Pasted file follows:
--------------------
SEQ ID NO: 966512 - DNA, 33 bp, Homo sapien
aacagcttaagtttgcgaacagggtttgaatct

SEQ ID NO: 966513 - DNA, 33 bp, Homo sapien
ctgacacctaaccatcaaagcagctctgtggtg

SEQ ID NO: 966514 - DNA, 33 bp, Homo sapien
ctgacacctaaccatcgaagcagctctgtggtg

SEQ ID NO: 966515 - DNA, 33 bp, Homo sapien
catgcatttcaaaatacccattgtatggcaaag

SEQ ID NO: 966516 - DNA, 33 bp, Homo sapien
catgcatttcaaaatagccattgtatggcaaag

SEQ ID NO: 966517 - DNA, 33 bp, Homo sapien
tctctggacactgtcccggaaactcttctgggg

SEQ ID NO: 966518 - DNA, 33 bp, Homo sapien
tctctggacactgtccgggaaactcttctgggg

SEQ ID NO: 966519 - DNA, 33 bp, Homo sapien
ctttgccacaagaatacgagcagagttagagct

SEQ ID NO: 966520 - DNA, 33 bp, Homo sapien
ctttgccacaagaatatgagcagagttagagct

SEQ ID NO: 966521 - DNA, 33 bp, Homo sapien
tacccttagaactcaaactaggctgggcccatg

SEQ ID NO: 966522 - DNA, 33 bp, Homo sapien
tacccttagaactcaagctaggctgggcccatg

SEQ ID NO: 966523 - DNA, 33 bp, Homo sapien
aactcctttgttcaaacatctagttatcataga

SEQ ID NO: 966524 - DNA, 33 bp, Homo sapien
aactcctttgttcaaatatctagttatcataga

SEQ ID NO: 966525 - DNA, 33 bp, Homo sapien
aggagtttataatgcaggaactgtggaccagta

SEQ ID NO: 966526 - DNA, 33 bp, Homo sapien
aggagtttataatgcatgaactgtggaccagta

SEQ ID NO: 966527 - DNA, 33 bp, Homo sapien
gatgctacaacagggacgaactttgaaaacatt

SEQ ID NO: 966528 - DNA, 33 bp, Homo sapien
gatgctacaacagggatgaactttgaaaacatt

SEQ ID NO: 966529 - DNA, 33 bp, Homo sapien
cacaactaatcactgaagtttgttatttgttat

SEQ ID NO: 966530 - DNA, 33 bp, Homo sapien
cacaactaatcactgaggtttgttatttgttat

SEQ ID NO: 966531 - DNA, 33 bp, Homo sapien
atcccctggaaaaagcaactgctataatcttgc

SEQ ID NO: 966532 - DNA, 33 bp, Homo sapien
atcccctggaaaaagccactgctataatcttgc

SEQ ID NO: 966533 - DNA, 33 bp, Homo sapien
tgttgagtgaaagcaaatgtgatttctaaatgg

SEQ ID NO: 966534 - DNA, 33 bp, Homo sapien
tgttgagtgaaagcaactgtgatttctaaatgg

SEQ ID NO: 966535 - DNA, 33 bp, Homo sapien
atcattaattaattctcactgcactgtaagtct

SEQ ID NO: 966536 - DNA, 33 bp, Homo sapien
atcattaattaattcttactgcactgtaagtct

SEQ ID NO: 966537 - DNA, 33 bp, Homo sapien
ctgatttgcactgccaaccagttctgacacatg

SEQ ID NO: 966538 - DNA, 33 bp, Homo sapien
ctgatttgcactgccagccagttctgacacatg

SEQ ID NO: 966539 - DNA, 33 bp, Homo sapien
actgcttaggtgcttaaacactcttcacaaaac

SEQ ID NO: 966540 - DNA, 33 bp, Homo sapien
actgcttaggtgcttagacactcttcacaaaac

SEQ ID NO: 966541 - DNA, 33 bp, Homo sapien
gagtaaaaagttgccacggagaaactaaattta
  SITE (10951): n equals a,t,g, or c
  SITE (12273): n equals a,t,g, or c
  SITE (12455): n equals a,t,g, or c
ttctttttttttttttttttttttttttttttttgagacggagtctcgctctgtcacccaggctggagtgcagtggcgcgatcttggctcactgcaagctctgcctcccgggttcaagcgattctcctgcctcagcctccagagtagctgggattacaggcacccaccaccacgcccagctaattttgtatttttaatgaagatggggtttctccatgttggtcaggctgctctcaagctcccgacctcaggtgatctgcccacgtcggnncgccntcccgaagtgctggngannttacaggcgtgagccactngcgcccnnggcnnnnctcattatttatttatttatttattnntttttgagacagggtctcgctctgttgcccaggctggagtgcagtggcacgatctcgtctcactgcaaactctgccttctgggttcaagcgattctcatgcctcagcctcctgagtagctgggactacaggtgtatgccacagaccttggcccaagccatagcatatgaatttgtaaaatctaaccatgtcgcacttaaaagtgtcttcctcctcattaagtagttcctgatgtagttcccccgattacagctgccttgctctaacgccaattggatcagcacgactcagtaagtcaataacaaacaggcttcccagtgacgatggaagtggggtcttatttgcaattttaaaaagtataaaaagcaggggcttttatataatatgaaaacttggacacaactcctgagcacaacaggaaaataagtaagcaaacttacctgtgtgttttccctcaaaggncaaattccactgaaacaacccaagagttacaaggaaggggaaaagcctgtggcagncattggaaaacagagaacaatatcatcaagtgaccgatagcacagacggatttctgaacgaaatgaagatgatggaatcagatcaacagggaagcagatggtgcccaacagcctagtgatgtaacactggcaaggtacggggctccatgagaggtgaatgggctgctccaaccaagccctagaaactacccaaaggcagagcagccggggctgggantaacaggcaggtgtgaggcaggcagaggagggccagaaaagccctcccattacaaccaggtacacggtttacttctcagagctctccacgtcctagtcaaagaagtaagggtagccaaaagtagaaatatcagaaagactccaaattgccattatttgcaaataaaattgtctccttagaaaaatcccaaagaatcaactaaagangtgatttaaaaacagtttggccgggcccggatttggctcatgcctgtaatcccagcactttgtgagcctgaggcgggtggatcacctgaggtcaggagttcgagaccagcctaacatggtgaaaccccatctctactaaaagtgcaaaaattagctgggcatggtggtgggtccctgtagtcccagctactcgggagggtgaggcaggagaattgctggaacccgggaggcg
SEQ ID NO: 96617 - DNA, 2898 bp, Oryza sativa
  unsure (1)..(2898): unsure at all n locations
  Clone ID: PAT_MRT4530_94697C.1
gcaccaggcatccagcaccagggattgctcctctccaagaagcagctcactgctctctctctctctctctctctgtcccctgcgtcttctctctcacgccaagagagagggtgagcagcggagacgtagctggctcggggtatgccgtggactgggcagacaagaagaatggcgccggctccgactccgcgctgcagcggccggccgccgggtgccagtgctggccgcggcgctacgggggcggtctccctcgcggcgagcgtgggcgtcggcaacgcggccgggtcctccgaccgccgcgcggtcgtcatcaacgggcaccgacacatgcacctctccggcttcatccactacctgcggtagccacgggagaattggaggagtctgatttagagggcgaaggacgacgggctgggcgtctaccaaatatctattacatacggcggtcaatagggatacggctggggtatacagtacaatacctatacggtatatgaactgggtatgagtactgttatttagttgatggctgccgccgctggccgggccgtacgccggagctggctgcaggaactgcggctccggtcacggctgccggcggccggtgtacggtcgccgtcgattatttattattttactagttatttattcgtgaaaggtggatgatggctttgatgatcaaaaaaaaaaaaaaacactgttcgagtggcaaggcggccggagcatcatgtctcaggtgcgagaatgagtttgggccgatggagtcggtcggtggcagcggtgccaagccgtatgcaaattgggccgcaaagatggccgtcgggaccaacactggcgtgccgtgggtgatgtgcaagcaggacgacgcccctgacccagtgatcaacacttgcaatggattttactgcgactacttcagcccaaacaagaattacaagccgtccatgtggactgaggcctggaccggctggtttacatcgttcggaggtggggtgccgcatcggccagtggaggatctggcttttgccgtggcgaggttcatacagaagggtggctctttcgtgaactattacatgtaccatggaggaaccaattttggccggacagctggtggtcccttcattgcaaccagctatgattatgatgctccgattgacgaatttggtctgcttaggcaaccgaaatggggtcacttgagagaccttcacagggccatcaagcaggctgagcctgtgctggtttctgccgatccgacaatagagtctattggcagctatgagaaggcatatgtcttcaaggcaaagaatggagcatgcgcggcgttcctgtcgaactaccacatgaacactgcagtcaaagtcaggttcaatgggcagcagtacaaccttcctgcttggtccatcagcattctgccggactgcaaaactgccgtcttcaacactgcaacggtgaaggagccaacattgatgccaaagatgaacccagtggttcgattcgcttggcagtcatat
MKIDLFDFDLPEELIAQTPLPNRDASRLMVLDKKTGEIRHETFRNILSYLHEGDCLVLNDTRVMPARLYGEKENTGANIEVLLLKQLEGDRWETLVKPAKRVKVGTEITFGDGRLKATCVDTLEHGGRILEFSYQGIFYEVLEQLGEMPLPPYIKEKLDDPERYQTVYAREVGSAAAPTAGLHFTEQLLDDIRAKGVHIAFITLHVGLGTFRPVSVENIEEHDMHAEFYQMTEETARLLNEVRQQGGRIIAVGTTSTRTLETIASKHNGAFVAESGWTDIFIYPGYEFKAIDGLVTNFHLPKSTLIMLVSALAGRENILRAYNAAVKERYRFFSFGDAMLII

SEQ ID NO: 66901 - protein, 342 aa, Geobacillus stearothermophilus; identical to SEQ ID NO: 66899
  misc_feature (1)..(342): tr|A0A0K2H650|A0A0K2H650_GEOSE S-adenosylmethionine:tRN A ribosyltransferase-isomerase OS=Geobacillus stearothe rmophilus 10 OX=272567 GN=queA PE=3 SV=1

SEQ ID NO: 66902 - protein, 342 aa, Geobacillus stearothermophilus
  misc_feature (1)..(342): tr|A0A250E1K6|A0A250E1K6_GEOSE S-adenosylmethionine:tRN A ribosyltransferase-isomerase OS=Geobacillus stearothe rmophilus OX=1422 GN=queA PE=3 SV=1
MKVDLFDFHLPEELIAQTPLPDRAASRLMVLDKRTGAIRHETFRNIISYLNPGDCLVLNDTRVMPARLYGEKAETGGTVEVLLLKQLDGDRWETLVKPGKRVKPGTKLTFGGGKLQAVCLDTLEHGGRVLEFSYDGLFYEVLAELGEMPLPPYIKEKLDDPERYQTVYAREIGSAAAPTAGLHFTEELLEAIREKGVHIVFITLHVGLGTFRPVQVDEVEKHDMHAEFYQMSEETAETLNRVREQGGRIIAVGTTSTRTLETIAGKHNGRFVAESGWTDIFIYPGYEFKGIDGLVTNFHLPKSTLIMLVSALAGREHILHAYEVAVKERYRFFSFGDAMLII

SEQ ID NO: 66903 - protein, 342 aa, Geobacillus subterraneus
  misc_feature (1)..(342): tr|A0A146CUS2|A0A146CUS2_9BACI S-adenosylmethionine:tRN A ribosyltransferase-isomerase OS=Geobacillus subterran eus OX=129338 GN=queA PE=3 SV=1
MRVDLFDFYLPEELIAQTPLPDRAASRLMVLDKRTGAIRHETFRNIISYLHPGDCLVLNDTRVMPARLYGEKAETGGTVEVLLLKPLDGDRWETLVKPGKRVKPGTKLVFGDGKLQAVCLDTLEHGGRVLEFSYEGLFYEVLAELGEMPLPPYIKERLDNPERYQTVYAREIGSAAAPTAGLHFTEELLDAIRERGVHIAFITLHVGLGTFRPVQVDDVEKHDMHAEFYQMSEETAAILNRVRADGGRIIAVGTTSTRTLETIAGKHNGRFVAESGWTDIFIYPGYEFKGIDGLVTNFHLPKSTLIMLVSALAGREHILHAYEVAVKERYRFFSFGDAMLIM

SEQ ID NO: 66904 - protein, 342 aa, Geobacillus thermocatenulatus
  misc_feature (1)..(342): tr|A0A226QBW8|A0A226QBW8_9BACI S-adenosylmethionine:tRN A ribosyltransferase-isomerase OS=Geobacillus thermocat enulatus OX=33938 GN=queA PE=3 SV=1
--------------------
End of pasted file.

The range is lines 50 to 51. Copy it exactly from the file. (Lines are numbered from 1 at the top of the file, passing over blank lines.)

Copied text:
atcattaattaattcttactgcactgtaagtct

SEQ ID NO: 966537 - DNA, 33 bp, Homo sapien